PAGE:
Cubs now need unlikely leader from bullpen
For context on the quandary that is the Cubs bullpen, consider that the defending World Series champion Astros closed out their two most important games last season without a pitcher whose primary purpose was to get the final three outs.
Lance McCullers Jr. threw four shutout innings to finish off the Yankees in Game 7 of the American League Championship Series. Charlie Morton staked his claim to baseball immortality by giving up one run over the final four innings against the Dodgers in Game 7 of the World Series. Neither McCullers nor Morton, trusted members of the Astros rotation, has a regular-season save in 15 combined major-league seasons.
But if you insist on finding an example of a pennant contender that entered late September without an established closer, lest anybody in Chicago forget reliever Bobby Jenks of the White Sox. At least nobody on the South Side ever will. Jenks played a major role in the Sox celebrating a World Series title in 2005, but as of Sept. 15 that season, the rookie right-hander had registered exactly two saves. Jenks emerged late by necessity more than design. An injury provided Jenks an opportunity and he seized it, perhaps the way somebody in the Cubs bullpen will over the next few weeks.
That’s the best way for the Cubs to view the situation manager Joe Maddon created Thursday in Washington. In a move that was as avoidable as it was regrettable, Maddon not only sent closer Pedro Strop to the plate in the 10th inning against the Nationals but allowed him to swing instead of stand with the bat on his shoulder. That exposed an underrated relief pitcher who had converted 11 of 13 save situations since mid-July to unnecessary risk.
Not surprisingly, Strop suffered a left hamstring injury trying to beat out a double-play ground ball, and his absence could extend into October, costing the Cubs their second closer this season. If the Cubs had not ended the so-called curse two years ago, surely you would see goats wandering Wrigleyville this weekend bemoaning Strop’s bad karma.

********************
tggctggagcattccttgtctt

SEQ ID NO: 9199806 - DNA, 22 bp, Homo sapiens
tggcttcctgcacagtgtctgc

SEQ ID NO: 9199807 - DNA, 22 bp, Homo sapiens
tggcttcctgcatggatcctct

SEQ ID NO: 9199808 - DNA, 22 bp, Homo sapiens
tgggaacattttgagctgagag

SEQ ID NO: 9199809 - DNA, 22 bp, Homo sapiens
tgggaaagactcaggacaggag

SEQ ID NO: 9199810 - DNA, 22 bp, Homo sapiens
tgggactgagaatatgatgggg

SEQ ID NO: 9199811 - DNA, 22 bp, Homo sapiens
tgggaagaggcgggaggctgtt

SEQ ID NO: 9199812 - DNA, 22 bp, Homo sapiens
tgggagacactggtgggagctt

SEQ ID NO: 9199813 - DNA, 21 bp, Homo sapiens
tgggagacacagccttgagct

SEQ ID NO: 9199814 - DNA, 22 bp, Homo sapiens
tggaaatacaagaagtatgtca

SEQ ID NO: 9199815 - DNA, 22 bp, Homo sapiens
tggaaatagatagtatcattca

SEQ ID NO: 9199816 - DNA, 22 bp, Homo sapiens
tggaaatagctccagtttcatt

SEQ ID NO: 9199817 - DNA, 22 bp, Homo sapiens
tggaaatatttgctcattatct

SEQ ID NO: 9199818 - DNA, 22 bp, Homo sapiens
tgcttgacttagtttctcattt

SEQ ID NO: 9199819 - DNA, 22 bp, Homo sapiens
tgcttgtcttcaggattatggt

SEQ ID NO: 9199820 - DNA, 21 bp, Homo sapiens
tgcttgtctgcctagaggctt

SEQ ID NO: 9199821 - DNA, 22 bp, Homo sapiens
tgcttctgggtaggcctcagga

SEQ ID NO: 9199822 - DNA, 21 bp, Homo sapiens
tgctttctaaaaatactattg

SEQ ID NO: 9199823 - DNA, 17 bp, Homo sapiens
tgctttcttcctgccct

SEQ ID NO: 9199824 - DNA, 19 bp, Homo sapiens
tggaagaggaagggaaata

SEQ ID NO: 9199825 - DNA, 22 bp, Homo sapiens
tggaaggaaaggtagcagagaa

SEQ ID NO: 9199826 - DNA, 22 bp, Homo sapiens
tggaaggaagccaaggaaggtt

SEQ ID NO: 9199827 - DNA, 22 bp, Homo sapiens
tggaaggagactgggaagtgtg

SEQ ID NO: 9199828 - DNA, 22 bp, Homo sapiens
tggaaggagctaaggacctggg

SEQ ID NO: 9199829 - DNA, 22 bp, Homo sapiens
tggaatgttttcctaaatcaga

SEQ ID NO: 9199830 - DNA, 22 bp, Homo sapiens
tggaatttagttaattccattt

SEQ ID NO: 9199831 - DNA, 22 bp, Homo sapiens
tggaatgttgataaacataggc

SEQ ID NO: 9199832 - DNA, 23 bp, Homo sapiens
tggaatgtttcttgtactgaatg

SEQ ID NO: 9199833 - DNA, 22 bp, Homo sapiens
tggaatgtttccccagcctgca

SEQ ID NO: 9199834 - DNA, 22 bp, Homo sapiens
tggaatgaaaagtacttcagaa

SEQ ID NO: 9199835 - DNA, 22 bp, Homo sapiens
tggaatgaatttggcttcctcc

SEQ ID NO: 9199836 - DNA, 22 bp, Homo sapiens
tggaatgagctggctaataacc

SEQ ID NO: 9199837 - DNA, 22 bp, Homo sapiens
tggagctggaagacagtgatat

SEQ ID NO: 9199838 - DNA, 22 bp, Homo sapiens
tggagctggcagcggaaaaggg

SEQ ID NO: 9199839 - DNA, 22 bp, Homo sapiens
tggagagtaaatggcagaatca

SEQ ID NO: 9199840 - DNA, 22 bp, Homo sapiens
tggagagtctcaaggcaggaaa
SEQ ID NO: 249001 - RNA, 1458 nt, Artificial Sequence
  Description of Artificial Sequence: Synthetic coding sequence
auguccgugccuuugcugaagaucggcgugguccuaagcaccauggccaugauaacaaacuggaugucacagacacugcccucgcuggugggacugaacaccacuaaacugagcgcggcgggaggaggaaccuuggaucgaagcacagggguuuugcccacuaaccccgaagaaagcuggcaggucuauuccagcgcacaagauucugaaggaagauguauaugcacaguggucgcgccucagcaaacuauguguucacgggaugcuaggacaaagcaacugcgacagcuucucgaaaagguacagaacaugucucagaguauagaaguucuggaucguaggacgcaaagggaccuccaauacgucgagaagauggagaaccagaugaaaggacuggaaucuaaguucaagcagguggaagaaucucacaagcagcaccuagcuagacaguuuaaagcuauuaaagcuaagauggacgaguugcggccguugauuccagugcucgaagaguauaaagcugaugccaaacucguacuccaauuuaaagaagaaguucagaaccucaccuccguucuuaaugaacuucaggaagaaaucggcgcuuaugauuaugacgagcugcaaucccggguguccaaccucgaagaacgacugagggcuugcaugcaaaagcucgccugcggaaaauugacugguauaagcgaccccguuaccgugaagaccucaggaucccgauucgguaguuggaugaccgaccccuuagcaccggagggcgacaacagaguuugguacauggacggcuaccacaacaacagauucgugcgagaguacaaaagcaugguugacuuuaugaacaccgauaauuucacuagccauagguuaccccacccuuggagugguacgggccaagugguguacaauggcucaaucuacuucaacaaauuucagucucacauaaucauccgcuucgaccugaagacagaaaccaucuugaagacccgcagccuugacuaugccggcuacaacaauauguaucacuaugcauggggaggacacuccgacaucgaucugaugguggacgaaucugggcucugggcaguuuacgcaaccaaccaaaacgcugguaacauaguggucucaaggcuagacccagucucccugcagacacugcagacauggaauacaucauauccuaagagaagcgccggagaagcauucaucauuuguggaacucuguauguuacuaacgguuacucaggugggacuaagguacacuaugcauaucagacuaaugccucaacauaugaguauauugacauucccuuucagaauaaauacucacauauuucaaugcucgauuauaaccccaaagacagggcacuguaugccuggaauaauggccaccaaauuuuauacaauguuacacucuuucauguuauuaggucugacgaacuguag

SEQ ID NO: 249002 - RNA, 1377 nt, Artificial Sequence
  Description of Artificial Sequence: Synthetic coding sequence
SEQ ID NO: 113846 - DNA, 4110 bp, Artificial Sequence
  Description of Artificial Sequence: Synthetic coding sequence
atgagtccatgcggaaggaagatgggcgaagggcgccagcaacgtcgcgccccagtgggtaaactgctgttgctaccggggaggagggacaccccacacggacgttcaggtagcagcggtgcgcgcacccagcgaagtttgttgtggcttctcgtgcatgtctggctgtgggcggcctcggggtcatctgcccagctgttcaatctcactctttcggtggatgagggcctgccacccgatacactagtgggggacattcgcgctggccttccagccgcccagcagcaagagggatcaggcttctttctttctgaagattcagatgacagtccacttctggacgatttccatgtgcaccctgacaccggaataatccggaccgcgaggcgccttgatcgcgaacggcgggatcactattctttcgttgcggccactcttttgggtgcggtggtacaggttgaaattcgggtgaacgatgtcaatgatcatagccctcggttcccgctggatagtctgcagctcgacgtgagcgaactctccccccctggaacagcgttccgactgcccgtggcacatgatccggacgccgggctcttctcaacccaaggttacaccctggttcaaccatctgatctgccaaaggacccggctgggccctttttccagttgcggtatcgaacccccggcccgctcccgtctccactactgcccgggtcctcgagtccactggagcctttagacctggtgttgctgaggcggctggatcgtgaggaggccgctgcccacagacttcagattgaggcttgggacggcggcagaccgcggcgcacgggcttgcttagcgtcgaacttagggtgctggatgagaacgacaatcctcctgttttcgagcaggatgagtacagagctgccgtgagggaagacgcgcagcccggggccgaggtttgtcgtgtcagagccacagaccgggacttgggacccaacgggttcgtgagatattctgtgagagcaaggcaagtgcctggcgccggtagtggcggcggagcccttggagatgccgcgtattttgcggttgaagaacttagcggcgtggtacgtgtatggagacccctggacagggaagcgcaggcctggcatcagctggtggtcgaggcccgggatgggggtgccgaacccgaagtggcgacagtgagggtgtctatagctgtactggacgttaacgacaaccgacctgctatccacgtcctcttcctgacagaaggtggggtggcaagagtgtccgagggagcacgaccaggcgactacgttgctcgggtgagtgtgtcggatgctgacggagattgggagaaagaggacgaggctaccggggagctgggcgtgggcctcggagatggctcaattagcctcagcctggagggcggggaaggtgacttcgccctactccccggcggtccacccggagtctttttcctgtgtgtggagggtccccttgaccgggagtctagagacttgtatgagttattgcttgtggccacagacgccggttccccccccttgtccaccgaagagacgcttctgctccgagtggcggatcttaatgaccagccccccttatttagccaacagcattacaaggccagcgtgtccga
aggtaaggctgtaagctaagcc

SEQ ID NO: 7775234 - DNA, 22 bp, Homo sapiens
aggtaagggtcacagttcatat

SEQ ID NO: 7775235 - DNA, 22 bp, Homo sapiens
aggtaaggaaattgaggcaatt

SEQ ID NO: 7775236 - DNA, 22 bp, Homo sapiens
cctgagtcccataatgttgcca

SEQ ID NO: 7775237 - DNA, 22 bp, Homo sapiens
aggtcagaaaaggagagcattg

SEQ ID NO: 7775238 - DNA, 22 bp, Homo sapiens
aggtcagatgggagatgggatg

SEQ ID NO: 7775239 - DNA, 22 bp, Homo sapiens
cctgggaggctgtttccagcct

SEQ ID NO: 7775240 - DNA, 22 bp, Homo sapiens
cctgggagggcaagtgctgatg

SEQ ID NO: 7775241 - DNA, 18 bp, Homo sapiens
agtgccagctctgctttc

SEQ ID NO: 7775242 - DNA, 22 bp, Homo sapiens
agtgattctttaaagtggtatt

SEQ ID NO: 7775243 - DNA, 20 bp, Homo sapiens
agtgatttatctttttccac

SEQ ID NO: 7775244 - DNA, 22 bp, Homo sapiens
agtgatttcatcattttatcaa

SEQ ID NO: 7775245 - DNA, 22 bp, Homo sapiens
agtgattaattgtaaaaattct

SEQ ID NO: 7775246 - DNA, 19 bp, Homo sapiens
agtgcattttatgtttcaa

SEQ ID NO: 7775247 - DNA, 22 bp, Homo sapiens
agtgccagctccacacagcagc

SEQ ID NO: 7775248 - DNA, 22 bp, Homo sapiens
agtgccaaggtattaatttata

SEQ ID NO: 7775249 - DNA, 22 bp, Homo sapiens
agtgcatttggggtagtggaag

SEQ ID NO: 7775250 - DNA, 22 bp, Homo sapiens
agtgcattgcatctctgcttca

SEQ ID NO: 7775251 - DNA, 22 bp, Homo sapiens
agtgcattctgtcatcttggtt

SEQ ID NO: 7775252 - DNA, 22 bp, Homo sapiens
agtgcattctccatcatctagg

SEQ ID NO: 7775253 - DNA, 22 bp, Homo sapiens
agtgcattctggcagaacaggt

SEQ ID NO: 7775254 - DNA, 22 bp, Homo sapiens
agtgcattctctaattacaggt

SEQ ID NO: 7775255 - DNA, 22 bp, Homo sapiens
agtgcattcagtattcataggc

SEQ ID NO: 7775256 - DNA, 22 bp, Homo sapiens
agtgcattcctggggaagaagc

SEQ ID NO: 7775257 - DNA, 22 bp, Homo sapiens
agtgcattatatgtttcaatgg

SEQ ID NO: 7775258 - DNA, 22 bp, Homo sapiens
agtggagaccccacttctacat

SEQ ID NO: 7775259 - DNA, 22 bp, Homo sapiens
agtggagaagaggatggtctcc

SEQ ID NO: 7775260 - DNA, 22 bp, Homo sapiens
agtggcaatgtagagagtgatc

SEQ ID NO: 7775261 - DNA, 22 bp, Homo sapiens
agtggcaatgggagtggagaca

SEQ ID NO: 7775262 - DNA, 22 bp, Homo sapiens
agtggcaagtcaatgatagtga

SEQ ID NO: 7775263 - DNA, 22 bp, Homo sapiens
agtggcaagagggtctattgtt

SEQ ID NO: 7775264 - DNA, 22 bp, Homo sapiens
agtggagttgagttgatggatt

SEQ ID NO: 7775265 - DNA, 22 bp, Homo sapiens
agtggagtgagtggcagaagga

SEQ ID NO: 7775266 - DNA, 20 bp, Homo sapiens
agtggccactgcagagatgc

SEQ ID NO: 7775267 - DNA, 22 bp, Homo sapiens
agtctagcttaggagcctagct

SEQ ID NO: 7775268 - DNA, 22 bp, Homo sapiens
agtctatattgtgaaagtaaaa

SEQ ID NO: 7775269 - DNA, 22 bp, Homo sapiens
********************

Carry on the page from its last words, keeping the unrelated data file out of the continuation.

As a result, Maddon skeptics resumed doubting the smarts of the manager deciding what reliever to use even more than the skills of the pitchers being asked to get the final three outs. The Cubs won Thursday’s makeup game 4-3 in 10 innings thanks to an MVP effort from Javier Baez, but the Tribune headline could have read: “Cubs survive Nationals, Maddon.”
It might have been Maddon’s most dubious tactical performance since Game 7 of the 2016 World Series as enough of his moves malfunctioned to make the Cubs computer system, Ivy, require a reboot. Maddon pulled starter Mike Montgomery after he gave up three hits in four-plus innings. He pinch hit slumping Willson Contreras for hot-hitting Victor Caratini, who drove in seven runs in the previous five games. He inserted struggling reliever Carl Edwards Jr., whose reliability Maddon publicly questioned earlier in the week, to protect a lead Edwards eventually blew. He let Strop hit with the bases loaded and one out despite having historically good pinch hitter Tommy La Stella available. He put himself in the position of needing Strop to pitch the 10th because he went to the bullpen too early.
Even good managers such as Maddon have bad days, and this was one of his worst in the Cubs dugout. That doesn’t necessarily make Maddon unfit for the playoffs or unworthy of a contract extension in the offseason. But it did make confidence in some parts of Cubdom dip like Ian Happ’s batting average because of a lack of faith in Maddon to shrewdly maneuver a bullpen full of guys unaccustomed to pitching the ninth inning.
What reliever will help restore it? The answer to that question still has a chance to pitch the Cubs deep into the playoffs and himself into Cubs lore. The seven Cubs candidates who likely will share the ninth-inning load — Justin Wilson, Steve Cishek, Jesse Chavez, Brandon Kintzler, Jorge De La Rosa, Randy Rosario and Edwards — have 10 saves combined this season.
Brandon Morrow could return by the end of the Diamondbacks series this week after a successful simulated game Saturday. Optimists hope Strop can heal quickly enough to come back by the beginning of next month. Just keep both pitchers away from the batting cage.
The Cubs still can be better for having endured 29 scheduled games in 30 days if they wake up Thursday, at the end of the mentally and physically grueling stretch, still in first place with the ability to refresh. They still can win the National League Central, and even the pennant in a weak NL, with Strop and Morrow playing limited roles — or no role at all — if a dangerous lineup gets hot again.